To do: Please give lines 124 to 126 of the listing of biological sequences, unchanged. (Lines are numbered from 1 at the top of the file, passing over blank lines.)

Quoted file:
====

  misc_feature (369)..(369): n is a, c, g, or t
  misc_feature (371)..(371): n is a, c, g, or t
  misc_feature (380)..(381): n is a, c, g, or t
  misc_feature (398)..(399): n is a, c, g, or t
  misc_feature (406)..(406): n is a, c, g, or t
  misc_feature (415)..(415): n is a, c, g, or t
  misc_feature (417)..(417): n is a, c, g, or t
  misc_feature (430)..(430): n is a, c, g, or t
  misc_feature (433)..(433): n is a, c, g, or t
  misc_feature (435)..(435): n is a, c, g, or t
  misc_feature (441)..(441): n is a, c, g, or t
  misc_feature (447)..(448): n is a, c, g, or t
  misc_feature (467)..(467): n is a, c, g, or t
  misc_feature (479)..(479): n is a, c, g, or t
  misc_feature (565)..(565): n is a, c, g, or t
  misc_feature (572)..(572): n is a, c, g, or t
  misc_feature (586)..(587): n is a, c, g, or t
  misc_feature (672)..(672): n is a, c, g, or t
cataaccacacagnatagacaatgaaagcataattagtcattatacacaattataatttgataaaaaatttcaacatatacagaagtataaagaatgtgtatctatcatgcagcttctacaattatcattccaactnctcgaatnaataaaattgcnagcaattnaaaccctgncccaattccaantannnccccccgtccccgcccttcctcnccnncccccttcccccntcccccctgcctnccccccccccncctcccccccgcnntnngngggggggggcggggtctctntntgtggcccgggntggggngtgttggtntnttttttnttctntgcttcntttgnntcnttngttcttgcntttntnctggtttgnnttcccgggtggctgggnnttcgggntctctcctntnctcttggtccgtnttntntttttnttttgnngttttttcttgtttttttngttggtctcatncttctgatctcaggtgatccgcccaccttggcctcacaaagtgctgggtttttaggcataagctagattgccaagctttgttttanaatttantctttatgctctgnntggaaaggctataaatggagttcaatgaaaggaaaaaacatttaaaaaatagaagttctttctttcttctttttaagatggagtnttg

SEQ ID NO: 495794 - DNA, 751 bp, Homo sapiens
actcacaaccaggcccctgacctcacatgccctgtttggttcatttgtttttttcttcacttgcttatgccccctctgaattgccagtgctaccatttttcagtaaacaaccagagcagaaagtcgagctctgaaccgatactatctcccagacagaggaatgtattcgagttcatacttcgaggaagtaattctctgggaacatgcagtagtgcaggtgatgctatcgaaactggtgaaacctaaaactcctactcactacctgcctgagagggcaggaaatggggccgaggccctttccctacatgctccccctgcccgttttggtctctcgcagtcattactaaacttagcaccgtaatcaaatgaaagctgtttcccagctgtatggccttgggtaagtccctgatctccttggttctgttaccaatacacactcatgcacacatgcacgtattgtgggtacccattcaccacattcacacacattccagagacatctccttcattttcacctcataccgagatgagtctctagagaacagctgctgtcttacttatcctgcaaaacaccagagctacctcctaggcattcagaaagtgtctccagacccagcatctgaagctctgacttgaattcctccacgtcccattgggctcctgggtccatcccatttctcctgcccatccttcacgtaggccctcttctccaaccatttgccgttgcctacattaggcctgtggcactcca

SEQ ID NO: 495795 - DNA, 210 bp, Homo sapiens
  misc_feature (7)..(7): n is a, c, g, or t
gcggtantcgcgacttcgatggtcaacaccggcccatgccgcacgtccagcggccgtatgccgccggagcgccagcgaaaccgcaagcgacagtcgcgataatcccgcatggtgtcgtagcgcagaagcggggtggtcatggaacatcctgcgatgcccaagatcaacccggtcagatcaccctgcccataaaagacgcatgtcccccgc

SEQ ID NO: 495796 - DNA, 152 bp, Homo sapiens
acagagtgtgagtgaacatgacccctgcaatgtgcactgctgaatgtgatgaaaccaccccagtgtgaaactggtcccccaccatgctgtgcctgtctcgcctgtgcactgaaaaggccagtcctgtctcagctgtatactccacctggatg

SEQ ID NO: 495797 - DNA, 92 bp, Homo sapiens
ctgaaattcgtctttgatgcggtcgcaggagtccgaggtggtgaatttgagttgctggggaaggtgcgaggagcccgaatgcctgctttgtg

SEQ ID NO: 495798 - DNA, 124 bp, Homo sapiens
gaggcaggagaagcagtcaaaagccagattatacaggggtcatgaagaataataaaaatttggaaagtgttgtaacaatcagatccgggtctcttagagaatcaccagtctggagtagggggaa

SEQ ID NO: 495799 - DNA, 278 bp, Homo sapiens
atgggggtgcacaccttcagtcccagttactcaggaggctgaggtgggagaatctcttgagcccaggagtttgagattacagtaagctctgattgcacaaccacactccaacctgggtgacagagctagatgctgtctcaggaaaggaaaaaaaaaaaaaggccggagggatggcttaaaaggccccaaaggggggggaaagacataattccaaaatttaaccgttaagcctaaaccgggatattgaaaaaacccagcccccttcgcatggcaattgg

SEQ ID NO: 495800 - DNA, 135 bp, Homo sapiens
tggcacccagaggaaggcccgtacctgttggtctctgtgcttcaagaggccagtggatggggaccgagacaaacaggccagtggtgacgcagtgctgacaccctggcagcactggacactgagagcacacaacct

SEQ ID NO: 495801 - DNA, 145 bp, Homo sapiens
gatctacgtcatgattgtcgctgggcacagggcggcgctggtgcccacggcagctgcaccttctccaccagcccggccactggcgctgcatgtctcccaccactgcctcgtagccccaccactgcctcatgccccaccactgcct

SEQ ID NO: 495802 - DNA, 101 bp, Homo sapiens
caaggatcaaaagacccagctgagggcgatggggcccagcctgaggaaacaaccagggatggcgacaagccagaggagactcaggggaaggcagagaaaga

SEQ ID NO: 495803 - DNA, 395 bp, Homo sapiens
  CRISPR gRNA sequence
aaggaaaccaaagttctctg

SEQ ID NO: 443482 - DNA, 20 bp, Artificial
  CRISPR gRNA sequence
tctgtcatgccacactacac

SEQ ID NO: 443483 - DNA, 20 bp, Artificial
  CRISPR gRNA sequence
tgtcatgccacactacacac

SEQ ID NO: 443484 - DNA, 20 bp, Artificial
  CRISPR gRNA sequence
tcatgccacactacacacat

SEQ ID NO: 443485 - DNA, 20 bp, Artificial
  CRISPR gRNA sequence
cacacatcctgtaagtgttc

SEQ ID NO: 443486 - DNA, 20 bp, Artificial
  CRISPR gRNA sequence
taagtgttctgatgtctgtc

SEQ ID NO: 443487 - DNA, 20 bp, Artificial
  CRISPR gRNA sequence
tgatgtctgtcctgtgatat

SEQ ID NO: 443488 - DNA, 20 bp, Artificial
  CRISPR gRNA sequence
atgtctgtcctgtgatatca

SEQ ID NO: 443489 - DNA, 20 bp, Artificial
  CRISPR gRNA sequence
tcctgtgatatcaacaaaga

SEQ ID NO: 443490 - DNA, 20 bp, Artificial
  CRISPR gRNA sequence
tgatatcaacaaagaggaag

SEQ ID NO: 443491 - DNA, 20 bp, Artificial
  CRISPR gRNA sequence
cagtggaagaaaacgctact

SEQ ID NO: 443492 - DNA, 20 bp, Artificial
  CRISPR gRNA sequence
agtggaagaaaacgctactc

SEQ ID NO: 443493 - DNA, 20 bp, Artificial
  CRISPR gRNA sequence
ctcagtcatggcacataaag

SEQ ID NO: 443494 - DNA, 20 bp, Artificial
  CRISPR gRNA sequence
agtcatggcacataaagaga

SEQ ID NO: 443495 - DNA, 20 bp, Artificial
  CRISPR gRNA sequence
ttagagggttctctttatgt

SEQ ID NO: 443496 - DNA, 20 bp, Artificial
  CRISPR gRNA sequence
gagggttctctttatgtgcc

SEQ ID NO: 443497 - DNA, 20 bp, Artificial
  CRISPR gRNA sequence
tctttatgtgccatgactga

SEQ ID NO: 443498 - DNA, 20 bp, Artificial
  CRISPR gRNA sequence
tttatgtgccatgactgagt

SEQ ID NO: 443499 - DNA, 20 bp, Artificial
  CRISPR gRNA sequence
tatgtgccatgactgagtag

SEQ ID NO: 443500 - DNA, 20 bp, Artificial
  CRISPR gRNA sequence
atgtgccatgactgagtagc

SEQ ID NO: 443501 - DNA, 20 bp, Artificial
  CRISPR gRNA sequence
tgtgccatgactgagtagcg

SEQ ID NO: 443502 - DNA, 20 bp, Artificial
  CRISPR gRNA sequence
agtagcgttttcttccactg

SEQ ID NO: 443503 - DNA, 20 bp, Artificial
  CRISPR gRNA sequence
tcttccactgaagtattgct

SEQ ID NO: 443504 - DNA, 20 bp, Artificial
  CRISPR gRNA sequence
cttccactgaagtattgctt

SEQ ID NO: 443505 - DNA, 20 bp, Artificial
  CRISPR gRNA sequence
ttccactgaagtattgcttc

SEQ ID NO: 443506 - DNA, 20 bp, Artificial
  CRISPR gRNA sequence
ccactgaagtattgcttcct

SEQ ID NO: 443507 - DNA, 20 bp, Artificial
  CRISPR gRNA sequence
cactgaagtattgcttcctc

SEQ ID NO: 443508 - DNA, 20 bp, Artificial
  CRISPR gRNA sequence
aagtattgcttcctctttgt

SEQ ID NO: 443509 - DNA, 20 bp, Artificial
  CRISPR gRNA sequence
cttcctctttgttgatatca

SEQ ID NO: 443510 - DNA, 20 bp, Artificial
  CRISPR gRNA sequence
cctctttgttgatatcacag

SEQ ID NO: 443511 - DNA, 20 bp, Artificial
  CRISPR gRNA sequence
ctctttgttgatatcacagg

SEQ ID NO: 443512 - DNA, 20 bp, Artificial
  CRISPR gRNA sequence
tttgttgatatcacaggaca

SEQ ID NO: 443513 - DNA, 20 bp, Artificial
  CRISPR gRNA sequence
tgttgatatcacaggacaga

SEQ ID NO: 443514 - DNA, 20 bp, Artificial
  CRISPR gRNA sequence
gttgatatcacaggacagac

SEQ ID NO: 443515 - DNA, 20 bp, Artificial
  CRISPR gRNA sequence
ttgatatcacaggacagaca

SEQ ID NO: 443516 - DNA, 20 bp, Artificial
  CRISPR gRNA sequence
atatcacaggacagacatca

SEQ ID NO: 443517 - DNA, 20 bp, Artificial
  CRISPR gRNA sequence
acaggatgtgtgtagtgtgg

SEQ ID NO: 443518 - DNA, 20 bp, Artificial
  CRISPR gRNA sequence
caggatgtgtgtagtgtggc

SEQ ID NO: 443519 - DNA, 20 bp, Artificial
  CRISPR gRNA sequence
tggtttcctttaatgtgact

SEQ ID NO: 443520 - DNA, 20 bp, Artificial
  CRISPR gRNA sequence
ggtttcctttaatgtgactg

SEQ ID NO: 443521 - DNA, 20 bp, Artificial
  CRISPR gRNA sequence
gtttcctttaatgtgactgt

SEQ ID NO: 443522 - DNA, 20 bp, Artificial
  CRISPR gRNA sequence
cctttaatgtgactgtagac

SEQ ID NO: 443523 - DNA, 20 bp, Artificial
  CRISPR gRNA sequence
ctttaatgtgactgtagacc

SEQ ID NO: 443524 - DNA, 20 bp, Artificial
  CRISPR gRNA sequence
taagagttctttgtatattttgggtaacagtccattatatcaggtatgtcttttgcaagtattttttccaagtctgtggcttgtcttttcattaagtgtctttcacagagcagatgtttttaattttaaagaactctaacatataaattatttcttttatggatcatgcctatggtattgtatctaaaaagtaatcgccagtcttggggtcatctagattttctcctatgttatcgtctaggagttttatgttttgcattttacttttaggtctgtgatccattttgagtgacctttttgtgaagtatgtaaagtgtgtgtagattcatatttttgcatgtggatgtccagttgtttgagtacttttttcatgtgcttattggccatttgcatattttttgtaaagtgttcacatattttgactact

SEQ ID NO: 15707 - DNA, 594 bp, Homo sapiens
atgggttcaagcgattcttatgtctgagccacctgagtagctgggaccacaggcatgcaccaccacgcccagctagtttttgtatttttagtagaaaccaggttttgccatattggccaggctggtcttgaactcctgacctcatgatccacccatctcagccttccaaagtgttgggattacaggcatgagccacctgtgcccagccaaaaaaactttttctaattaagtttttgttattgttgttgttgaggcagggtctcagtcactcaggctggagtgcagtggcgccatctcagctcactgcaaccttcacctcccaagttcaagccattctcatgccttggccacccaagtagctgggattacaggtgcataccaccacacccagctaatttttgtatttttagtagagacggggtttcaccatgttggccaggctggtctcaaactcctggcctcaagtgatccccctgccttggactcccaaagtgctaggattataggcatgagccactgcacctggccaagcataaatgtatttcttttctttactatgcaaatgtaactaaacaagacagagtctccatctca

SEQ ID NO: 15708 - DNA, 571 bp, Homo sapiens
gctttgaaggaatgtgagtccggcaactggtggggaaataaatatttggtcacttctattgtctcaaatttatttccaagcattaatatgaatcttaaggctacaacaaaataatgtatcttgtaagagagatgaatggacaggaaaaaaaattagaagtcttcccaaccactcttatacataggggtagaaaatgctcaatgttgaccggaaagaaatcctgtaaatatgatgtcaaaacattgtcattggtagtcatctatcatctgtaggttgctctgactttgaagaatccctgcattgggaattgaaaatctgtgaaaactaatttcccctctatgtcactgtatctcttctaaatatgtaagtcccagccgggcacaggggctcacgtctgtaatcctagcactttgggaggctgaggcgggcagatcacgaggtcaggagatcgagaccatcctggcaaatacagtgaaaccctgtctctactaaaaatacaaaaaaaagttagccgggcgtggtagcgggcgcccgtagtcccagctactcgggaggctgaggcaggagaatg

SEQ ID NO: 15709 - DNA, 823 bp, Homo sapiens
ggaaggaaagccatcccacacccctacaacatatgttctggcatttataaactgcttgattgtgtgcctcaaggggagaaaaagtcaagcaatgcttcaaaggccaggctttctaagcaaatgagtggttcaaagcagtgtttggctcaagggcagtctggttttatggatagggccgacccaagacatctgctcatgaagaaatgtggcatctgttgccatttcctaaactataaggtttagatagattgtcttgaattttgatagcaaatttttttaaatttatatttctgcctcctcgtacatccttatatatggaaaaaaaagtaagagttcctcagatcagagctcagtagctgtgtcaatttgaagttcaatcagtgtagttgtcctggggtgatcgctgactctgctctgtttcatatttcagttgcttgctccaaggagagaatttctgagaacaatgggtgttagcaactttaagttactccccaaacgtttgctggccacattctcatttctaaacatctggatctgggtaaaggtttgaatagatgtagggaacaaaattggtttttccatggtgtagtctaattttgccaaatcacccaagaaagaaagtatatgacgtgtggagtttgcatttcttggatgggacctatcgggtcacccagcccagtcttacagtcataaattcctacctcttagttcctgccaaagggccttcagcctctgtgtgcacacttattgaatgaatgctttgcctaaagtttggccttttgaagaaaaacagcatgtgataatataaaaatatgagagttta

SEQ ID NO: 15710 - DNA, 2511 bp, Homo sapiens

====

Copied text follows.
  CRISPR gRNA sequence
cttcctctttgttgatatca

SEQ ID NO: 443510 - DNA, 20 bp, Artificial